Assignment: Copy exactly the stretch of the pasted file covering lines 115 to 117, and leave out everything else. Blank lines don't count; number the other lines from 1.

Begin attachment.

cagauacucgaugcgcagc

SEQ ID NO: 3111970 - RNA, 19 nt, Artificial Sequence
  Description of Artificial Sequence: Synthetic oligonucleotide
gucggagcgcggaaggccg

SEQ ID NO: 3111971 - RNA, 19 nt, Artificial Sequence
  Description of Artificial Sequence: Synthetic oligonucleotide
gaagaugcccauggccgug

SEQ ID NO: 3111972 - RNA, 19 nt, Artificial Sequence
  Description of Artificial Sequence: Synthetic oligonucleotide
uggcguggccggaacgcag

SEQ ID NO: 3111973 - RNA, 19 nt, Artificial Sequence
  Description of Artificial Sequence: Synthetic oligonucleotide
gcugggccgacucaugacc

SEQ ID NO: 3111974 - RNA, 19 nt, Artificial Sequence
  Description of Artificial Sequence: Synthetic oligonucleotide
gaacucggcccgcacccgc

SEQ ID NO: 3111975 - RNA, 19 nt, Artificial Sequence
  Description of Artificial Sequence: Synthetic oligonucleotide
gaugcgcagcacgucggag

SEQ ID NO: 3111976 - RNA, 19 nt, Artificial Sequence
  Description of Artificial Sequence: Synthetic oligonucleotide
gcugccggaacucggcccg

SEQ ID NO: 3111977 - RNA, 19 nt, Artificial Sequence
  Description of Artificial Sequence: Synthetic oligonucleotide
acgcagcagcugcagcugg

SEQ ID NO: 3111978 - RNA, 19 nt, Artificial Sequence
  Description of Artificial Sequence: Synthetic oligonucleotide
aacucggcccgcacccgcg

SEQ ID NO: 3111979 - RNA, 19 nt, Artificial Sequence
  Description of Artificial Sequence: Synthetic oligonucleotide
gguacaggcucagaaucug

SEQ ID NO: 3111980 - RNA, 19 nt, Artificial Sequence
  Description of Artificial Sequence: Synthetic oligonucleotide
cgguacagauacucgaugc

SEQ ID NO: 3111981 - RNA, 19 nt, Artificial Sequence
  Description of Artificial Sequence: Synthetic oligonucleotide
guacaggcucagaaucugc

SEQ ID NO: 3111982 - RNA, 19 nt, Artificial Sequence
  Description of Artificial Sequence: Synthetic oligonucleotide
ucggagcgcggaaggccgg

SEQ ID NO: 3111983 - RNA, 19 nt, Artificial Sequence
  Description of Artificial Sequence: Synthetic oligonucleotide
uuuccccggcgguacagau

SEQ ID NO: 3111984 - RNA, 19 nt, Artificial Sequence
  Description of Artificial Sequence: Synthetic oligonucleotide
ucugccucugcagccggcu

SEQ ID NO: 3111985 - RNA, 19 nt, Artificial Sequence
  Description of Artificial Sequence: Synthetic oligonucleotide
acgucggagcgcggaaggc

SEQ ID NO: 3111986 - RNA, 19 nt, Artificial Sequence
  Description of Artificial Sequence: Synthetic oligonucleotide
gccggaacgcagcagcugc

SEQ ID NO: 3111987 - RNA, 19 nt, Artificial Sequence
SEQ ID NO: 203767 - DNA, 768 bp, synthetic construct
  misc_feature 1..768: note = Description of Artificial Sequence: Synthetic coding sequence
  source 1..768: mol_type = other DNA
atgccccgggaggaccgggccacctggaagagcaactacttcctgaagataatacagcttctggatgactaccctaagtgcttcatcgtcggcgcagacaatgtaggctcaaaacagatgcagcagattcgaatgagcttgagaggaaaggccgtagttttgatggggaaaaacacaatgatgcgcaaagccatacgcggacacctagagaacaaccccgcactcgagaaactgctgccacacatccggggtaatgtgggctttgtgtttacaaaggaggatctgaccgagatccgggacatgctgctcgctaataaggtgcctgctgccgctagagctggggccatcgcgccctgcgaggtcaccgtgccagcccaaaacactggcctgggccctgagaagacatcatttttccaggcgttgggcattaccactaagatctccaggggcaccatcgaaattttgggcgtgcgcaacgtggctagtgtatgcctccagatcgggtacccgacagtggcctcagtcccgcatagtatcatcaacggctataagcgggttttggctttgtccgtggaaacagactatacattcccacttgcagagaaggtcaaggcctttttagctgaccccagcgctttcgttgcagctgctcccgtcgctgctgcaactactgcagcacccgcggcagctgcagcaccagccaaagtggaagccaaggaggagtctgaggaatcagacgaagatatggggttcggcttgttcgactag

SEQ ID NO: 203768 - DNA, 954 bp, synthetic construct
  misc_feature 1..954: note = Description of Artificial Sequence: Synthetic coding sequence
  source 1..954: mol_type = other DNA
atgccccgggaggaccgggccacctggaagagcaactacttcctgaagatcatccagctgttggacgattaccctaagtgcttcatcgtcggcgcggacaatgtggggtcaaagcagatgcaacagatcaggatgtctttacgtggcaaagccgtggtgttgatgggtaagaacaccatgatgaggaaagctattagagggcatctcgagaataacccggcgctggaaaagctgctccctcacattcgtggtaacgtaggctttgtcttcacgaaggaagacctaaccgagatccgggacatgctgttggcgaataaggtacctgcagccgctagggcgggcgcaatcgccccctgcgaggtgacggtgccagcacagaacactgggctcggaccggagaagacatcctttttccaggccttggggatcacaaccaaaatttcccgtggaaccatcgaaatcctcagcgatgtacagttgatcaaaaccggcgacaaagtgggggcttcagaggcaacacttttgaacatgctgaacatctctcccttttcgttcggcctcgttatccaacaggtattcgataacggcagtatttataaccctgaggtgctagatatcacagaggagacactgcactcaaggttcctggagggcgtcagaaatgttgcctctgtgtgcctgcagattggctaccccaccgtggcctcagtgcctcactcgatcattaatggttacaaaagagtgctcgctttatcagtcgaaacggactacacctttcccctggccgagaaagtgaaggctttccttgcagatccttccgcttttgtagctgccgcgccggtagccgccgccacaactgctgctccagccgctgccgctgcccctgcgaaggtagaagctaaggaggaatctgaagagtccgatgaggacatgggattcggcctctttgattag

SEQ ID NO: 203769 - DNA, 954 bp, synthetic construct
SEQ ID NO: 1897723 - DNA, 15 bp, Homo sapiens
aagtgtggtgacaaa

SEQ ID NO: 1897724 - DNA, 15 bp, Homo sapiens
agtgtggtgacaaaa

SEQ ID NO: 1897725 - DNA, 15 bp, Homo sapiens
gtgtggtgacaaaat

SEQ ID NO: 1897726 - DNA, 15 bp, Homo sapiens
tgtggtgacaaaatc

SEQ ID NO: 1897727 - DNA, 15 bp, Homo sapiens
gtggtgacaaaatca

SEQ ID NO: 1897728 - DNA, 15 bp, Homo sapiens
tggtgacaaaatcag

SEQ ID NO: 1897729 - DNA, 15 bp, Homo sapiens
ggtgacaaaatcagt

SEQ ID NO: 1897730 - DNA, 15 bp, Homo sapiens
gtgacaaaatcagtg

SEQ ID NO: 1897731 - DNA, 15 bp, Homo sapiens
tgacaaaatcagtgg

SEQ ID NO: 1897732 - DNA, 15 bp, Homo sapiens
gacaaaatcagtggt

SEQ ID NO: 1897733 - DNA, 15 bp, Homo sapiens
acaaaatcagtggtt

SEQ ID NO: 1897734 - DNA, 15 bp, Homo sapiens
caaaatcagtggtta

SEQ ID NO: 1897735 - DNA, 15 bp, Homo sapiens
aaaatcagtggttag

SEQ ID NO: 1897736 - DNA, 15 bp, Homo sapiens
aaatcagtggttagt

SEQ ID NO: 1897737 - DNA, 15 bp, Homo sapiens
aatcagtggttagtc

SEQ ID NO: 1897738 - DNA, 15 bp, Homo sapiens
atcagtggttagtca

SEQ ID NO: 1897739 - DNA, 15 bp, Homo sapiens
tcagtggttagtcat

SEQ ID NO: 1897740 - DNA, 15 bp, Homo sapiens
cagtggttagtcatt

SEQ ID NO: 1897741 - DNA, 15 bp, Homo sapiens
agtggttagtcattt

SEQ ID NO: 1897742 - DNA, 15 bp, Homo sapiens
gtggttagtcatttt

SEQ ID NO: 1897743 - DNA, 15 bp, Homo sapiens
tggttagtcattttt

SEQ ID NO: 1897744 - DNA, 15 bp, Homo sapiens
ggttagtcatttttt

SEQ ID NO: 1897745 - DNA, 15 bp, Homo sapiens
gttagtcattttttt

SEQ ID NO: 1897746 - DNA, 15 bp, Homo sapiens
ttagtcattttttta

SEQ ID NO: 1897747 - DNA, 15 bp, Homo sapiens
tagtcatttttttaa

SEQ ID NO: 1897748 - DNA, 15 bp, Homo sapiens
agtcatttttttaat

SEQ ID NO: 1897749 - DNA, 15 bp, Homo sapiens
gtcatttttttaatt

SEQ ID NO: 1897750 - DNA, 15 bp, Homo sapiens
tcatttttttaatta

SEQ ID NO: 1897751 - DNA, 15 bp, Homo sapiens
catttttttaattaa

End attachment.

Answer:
SEQ ID NO: 1897749 - DNA, 15 bp, Homo sapiens
gtcatttttttaatt

SEQ ID NO: 1897750 - DNA, 15 bp, Homo sapiens